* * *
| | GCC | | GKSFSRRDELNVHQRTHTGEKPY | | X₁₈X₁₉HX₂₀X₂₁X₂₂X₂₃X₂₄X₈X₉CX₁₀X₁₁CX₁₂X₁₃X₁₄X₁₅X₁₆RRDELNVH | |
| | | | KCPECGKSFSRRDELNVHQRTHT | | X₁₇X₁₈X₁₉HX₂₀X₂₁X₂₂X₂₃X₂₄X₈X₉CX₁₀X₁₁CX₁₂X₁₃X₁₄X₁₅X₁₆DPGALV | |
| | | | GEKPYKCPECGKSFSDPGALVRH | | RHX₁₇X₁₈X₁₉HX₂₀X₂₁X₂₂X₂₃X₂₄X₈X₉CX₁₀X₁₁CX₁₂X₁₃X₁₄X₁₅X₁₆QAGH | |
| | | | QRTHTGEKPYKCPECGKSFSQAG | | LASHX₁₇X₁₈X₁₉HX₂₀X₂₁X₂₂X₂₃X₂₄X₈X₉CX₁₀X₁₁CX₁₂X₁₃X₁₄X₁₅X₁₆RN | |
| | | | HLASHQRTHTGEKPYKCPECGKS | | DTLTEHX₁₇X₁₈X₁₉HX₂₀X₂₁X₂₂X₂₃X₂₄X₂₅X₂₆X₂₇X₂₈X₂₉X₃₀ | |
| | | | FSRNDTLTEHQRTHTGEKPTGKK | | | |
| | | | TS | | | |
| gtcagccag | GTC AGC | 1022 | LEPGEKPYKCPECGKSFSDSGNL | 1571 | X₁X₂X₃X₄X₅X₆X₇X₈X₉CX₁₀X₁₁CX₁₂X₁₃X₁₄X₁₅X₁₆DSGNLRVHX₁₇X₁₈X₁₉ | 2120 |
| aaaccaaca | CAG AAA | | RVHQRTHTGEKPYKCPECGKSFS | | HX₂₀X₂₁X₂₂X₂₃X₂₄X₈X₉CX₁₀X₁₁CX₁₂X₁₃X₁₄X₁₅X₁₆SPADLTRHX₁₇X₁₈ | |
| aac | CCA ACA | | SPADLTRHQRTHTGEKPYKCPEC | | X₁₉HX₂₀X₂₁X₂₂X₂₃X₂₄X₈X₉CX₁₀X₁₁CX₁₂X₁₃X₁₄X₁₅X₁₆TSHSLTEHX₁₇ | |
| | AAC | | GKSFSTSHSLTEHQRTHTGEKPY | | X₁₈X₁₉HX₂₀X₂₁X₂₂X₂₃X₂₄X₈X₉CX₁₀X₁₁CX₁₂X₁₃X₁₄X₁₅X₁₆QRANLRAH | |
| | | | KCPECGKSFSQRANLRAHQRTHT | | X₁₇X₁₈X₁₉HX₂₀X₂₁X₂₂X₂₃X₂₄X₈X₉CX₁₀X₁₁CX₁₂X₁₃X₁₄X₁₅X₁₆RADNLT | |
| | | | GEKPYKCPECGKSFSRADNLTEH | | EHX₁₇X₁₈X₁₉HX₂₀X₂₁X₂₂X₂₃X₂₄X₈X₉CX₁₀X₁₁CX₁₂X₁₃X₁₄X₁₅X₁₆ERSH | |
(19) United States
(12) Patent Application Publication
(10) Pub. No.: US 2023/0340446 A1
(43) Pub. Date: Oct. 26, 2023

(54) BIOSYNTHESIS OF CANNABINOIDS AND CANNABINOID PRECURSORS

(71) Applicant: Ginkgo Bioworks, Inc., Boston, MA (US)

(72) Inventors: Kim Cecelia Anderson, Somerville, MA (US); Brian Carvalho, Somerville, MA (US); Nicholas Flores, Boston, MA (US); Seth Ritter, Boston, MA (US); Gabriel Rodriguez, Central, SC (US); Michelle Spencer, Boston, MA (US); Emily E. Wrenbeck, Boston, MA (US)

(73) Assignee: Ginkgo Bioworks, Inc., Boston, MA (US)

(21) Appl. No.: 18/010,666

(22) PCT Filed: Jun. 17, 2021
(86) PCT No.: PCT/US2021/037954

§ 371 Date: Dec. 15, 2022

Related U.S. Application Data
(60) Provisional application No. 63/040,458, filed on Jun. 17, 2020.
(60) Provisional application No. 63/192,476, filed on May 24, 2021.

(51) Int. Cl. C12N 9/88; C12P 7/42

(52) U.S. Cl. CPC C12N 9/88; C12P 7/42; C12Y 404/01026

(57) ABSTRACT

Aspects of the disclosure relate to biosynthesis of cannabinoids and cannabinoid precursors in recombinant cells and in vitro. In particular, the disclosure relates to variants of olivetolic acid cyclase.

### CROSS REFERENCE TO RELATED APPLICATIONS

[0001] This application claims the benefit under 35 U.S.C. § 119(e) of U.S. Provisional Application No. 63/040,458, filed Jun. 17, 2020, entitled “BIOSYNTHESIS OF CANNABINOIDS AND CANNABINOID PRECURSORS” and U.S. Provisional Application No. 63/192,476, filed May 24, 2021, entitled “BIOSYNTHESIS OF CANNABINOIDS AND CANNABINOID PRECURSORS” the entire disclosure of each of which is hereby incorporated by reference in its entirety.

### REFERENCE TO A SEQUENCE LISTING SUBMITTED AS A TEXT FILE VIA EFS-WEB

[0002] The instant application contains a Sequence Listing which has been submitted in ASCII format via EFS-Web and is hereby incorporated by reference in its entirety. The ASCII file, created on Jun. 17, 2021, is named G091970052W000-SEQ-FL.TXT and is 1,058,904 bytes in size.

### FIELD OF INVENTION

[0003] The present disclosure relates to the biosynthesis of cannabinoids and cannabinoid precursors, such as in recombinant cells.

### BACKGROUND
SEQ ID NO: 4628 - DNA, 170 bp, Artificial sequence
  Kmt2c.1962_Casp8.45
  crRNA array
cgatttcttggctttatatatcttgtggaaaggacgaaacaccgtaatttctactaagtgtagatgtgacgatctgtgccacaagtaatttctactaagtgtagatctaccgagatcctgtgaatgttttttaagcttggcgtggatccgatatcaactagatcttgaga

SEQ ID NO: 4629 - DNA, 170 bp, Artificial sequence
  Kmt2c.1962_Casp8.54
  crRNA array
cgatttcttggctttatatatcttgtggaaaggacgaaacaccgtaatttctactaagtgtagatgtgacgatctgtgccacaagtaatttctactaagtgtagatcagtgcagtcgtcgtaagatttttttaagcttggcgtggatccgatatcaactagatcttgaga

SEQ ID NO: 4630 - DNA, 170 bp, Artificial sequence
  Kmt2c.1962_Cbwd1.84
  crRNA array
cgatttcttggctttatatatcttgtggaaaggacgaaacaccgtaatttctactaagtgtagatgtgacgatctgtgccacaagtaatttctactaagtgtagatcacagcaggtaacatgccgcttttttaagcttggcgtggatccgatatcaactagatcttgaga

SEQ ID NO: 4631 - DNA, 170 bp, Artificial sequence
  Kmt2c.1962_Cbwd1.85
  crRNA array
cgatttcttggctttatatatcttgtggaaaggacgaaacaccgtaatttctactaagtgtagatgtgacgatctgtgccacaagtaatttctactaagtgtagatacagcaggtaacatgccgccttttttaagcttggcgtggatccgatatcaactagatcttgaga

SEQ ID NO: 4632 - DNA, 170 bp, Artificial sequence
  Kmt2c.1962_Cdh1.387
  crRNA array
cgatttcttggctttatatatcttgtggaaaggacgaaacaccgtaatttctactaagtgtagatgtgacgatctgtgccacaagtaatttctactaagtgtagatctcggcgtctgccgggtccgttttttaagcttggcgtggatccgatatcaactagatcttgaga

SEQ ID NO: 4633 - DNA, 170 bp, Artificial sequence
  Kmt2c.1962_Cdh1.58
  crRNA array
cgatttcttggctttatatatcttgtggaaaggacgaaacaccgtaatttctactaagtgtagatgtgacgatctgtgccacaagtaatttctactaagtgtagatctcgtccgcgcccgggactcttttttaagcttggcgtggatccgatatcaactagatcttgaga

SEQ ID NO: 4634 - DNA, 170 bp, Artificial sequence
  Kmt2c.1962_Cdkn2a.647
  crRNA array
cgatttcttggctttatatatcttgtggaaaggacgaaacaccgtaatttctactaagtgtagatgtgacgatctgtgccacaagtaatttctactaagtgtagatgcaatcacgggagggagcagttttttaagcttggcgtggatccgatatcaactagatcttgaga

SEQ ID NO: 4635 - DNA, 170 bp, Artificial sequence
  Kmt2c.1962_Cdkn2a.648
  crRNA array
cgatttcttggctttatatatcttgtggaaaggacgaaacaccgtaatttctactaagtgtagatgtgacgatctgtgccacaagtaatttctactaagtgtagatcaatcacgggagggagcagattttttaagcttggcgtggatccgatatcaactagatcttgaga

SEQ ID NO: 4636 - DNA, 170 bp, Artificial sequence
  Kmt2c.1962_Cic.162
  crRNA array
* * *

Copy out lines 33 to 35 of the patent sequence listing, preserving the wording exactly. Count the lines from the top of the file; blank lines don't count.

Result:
### CROSS REFERENCE TO RELATED APPLICATIONS

[0001] This application claims the benefit under 35 U.S.C. § 119(e) of U.S. Provisional Application No. 63/040,458, filed Jun. 17, 2020, entitled “BIOSYNTHESIS OF CANNABINOIDS AND CANNABINOID PRECURSORS” and U.S. Provisional Application No. 63/192,476, filed May 24, 2021, entitled “BIOSYNTHESIS OF CANNABINOIDS AND CANNABINOID PRECURSORS” the entire disclosure of each of which is hereby incorporated by reference in its entirety.

### REFERENCE TO A SEQUENCE LISTING SUBMITTED AS A TEXT FILE VIA EFS-WEB